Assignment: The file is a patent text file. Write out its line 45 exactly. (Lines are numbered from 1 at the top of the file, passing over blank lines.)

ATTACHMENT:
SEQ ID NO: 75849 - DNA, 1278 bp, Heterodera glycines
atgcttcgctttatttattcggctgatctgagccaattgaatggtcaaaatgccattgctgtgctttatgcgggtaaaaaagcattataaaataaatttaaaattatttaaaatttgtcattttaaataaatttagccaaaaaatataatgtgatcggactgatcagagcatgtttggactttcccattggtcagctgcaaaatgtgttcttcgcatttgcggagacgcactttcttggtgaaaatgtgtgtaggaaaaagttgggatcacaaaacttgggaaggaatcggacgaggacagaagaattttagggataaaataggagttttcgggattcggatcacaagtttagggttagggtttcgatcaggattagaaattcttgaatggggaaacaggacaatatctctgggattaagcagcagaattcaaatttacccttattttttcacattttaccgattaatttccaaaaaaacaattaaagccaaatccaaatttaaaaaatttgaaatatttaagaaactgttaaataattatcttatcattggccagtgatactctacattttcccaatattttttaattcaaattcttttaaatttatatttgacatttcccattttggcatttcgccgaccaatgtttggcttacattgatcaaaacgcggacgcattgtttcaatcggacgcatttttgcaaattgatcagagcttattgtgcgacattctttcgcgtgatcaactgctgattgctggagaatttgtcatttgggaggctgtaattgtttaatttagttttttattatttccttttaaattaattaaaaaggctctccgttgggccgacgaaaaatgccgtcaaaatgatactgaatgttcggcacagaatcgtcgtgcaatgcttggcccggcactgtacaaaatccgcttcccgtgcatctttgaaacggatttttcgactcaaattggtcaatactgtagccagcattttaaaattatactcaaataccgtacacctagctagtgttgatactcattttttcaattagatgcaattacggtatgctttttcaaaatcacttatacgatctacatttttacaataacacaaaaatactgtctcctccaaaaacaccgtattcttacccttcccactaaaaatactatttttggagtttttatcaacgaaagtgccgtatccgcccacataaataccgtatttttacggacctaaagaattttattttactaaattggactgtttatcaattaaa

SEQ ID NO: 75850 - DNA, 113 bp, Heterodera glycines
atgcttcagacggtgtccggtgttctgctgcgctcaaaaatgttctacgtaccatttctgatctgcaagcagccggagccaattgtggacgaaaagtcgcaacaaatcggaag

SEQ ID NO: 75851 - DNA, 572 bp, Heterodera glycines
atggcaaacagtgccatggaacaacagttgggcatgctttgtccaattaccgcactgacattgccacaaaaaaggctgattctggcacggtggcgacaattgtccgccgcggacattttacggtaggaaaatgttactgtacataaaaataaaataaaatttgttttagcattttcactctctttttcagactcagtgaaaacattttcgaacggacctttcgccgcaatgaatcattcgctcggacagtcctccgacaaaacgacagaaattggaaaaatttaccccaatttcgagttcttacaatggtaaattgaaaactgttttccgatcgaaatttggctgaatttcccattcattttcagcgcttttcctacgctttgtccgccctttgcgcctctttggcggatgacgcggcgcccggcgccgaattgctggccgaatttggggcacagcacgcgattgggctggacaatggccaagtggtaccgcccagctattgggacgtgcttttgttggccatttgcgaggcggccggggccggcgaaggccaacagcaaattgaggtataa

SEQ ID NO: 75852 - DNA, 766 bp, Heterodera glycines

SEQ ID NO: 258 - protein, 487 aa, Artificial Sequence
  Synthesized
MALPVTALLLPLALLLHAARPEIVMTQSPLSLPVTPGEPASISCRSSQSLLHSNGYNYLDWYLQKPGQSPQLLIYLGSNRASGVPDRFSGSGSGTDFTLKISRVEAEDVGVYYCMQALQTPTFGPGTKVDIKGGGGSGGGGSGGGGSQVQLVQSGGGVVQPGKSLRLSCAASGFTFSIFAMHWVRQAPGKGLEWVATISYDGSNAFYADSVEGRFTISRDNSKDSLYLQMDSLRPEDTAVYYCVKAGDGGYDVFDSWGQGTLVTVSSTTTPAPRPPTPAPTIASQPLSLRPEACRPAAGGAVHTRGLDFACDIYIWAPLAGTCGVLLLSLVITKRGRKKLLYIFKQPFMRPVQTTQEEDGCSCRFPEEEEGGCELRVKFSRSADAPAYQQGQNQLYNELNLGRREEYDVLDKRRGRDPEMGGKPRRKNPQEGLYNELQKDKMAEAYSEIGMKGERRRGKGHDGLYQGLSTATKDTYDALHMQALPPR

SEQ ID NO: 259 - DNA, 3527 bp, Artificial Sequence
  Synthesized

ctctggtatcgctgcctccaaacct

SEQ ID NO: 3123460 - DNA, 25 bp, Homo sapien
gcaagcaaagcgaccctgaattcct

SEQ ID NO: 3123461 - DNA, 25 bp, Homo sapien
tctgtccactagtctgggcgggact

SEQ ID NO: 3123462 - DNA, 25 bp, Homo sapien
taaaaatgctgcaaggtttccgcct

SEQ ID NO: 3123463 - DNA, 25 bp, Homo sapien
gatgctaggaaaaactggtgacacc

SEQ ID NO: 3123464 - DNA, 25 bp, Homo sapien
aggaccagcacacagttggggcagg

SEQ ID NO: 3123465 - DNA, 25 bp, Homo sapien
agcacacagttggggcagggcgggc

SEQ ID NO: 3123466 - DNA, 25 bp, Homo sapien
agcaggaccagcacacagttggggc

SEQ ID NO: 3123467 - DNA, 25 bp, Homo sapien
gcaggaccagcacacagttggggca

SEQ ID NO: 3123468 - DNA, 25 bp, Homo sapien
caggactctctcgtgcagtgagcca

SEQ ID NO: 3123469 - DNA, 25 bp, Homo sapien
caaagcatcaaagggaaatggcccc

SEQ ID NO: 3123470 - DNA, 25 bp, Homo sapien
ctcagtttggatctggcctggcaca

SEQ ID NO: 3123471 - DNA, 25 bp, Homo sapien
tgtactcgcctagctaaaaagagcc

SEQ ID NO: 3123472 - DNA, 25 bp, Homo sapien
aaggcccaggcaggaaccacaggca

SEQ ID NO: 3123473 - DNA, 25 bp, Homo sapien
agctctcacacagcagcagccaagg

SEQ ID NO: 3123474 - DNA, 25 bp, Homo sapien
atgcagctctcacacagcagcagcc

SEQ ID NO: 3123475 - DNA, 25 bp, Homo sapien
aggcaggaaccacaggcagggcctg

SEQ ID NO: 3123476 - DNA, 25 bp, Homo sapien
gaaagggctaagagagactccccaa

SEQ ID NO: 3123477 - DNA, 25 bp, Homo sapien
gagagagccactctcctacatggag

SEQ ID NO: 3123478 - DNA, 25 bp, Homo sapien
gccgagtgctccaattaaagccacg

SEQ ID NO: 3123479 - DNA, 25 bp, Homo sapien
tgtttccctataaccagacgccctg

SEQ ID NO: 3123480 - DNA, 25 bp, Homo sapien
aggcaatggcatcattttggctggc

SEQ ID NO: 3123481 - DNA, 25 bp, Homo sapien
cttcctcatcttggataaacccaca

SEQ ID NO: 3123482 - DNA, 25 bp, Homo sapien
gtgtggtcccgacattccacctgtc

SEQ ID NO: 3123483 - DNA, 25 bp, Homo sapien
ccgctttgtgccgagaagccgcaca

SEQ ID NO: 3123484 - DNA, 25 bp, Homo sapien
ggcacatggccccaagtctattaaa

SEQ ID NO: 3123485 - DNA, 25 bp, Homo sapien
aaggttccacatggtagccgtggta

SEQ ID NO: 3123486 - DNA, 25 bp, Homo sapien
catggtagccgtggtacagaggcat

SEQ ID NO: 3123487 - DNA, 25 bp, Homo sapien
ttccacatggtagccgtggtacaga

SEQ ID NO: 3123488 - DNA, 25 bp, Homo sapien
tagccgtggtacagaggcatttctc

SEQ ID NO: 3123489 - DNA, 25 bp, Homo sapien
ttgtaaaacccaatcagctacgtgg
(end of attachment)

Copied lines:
aggcaggaaccacaggcagggcctg